Earlier this year, Volvo confirmed the new S60 saloon would not be sold with a diesel engine. The rules were different for its estate-bodied V60 sibling, however, which launched in the UK this summer with a choice of one petrol and two diesel powertrains.
We’ve already tried the excellent D4 on British roads, but now it’s the turn of the entry-level D3. It is almost 40bhp down – but matches its counterpart for kit and quality. In like-for-like Momentum Pro spec, it’ll save you £1,000 on list price, or around £17 per month on a three-year PCP finance deal.
But should you spend a little extra for the added punch of the D4? Well, on paper, it’s a much quicker car than the D3 we’re driving here. It’s two seconds faster from 0-62mph, and packs an extra 80Nm of torque.
That said, in most situations the D3 feels every bit as quick as you’d want it to be. It picks up speed with purpose, and will happily sit at 70mph all day long. For some, however, the D4’s extra torque will be welcome; the lower-power car can feel a little lethargic when planting the throttle for a hurried overtake.
Loaded up, there’s a very real chance the D3 may feel a little underpowered, too, which is a concern for a car so focused on practicality. We tried it with four adults on board, but with a full boot that power deficit is sure to make itself known.
The D4’s extra grunt means it’s ever so slightly cheaper to fill up, too. Our D3’s official figure of 61.4mpg is bettered by the more powerful car’s 62.9mpg, while 120g/km (D3) plays 119g/km (D4) of CO2; placing the latter in a lower Benefit in Kind (BiK) company car tax band.
Yet everything else we love about the V60 remains intact. The D3 prioritises comfort over true dynamic quality, yet it’s all the better for it. Unlike its German rivals, there’s no pretention to the way it drives – so while it may roll a bit through the bends, it’s composed enough not feel unwieldy.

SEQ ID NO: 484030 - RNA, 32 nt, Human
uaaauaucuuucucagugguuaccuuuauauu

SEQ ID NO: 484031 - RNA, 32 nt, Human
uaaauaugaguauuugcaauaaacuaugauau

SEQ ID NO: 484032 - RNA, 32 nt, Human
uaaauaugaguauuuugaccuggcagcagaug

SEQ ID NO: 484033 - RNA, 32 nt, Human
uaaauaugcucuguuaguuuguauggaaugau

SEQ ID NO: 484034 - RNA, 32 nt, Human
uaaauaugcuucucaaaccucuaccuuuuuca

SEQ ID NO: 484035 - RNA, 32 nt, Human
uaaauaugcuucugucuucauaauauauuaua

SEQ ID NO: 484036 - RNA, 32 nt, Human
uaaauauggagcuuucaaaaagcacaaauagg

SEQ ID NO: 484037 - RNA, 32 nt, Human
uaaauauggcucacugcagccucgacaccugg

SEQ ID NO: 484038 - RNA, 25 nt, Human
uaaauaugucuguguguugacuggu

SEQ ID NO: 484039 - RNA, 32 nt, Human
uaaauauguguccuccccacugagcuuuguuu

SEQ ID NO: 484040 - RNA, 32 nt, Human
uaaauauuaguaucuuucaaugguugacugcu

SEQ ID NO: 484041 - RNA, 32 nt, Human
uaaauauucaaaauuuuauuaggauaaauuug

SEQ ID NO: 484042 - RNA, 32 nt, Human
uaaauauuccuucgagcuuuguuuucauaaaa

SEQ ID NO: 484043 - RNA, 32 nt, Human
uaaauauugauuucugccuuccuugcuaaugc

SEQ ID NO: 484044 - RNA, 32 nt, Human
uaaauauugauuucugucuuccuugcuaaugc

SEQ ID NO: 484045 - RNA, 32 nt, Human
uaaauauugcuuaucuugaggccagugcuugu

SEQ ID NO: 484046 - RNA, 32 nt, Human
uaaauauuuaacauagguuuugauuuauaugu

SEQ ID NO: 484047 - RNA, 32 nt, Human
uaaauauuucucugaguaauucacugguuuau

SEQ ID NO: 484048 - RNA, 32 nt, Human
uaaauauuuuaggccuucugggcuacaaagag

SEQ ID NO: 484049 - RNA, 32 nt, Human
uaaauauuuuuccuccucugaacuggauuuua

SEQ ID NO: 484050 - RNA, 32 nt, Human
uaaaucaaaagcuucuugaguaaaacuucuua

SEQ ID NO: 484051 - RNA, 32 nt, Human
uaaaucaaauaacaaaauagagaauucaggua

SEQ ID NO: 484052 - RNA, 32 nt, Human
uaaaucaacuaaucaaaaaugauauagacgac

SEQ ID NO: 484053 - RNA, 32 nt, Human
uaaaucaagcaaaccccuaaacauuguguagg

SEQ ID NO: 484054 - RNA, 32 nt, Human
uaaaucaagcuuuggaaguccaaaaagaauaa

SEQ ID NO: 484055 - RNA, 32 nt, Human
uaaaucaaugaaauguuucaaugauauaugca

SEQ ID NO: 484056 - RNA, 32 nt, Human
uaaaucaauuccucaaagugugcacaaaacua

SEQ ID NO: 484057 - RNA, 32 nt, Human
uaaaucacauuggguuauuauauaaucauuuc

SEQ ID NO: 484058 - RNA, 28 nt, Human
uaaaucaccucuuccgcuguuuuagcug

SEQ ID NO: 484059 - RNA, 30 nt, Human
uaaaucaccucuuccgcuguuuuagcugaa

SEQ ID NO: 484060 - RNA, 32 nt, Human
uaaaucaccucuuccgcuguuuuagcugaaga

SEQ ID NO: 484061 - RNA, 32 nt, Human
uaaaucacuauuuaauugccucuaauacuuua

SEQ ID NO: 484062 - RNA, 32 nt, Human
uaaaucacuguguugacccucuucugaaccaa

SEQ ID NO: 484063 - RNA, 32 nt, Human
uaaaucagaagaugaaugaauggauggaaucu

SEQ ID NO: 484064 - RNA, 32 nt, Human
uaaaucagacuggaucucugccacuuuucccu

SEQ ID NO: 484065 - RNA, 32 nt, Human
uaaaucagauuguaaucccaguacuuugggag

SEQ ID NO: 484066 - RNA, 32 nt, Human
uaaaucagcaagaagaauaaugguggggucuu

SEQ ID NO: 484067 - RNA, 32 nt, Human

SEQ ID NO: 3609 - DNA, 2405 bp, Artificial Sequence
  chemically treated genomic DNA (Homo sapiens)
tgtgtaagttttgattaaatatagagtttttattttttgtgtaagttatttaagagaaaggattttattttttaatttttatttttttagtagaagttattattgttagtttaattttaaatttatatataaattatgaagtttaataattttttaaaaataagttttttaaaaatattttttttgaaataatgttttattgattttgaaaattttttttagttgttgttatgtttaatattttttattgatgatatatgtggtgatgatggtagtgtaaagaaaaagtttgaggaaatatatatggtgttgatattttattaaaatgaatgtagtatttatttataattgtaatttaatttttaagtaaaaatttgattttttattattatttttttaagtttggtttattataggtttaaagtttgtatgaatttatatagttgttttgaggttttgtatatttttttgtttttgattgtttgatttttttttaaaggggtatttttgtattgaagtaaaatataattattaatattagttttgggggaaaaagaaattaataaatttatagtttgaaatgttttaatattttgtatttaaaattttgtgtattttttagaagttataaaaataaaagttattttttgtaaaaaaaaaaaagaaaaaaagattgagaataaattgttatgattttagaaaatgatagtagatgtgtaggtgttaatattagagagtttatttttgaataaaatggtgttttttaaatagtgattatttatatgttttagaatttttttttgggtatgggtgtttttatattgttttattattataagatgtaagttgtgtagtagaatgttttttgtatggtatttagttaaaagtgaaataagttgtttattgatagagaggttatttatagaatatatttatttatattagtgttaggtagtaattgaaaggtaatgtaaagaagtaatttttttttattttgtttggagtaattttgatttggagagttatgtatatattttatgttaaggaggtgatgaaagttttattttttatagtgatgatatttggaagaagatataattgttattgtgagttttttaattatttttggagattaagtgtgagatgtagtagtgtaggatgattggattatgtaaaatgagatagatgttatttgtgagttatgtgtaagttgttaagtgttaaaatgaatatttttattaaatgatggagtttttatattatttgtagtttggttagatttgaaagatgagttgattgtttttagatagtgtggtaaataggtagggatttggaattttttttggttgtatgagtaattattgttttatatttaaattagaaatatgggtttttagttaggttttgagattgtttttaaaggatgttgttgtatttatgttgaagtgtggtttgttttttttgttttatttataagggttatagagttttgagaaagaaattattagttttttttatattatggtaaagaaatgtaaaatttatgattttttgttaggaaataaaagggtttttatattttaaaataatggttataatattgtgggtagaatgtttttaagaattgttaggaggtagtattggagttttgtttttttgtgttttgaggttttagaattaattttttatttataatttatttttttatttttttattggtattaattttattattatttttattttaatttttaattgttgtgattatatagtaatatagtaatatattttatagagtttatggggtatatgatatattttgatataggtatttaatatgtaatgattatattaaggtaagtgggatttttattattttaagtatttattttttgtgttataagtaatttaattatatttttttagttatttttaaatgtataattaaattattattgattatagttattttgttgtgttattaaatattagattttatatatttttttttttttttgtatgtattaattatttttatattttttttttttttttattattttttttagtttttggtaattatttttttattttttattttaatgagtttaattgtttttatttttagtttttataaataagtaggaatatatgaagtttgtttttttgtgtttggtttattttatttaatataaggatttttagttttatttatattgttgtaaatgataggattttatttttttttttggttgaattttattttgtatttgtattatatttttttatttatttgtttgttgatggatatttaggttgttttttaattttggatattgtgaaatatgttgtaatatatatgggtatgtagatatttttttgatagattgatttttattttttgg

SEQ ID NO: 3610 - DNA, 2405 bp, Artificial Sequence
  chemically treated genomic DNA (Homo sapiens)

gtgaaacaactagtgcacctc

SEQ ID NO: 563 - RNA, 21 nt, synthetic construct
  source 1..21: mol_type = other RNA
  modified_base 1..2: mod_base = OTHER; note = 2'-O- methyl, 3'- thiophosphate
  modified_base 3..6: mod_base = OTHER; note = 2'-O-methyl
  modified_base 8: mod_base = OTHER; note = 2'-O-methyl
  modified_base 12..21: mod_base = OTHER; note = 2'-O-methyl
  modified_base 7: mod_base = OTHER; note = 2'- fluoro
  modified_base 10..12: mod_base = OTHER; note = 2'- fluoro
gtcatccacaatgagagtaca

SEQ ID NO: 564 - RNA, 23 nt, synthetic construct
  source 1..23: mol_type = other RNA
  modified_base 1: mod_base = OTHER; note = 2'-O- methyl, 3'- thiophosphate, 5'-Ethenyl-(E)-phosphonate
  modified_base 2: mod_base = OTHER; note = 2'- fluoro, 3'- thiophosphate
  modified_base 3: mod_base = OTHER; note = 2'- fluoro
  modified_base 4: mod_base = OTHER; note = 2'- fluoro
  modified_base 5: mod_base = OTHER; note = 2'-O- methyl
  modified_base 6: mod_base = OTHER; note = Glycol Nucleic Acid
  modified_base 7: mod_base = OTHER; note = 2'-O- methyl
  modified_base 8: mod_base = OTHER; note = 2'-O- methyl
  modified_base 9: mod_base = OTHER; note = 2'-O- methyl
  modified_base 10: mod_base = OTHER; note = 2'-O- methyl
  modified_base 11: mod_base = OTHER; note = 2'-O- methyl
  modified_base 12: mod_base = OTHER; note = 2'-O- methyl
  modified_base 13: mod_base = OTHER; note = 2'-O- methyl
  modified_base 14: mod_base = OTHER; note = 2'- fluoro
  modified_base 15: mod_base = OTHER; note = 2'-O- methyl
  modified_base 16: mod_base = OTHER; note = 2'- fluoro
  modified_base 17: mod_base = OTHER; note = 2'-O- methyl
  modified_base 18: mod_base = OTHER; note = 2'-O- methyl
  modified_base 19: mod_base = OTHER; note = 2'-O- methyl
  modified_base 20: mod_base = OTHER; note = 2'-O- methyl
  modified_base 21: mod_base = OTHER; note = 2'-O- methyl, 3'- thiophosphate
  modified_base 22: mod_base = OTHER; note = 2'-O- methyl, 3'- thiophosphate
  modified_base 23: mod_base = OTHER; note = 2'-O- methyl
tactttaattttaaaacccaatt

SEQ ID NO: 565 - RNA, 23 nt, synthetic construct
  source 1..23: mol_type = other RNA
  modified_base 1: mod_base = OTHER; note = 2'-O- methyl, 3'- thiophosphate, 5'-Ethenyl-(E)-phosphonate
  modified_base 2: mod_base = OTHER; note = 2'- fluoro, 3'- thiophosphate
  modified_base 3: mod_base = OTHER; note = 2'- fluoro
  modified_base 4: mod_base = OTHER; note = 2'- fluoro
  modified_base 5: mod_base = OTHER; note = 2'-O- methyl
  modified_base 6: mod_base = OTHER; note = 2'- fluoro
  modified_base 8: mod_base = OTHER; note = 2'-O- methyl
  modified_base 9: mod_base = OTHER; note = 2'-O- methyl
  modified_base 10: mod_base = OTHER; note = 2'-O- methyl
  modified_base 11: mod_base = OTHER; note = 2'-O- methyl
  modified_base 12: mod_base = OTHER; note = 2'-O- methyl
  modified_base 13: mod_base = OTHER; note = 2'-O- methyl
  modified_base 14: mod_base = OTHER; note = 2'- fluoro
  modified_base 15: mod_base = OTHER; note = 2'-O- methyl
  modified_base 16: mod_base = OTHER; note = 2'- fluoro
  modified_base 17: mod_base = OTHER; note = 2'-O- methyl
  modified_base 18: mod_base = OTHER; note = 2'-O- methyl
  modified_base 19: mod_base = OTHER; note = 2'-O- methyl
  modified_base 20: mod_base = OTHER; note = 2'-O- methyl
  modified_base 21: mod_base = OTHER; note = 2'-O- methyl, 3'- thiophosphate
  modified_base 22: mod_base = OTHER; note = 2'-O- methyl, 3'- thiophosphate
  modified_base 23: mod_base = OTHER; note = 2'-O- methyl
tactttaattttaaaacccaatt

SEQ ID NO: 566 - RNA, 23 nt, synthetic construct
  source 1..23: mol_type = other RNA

The softer suspension means it’s excellent on the motorway, and refinement is fantastic, too. So much so, there’s no way you’d know it was a diesel at a steady cruise; it’s an enormously relaxing car to drive.
Practicality is excellent, and the 539-litre boot places the V60 close to the top of the class in terms of outright space. Fold the rear seats and the competitive 1,441-litre load bay pits it alongside Mercedes C-Class Estate and outgoing BMW 3 Series Touring. The glovebox is big, and there are various cubbies to store odds and ends.
All cars come with Volvo’s excellent nine-inch touchscreen infotainment system, Sensus Navigation and voice control. Frustratingly, both Apple CarPlay and Android Auto form part of the £300 Smartphone Integration pack.
Of course, being a Volvo, safety is paramount. Every version gets City Safety with Steering Support, Oncoming Lane Mitigation and Run-off Road Protection. LED headlights are standard, too, as is cruise control and rear parking sensors. Our car also had the Intellisafe Pro Pack, which adds the excellent Pilot Assist semi-autonomous drive features, Blind Spot monitoring and Cross Traffic Alert.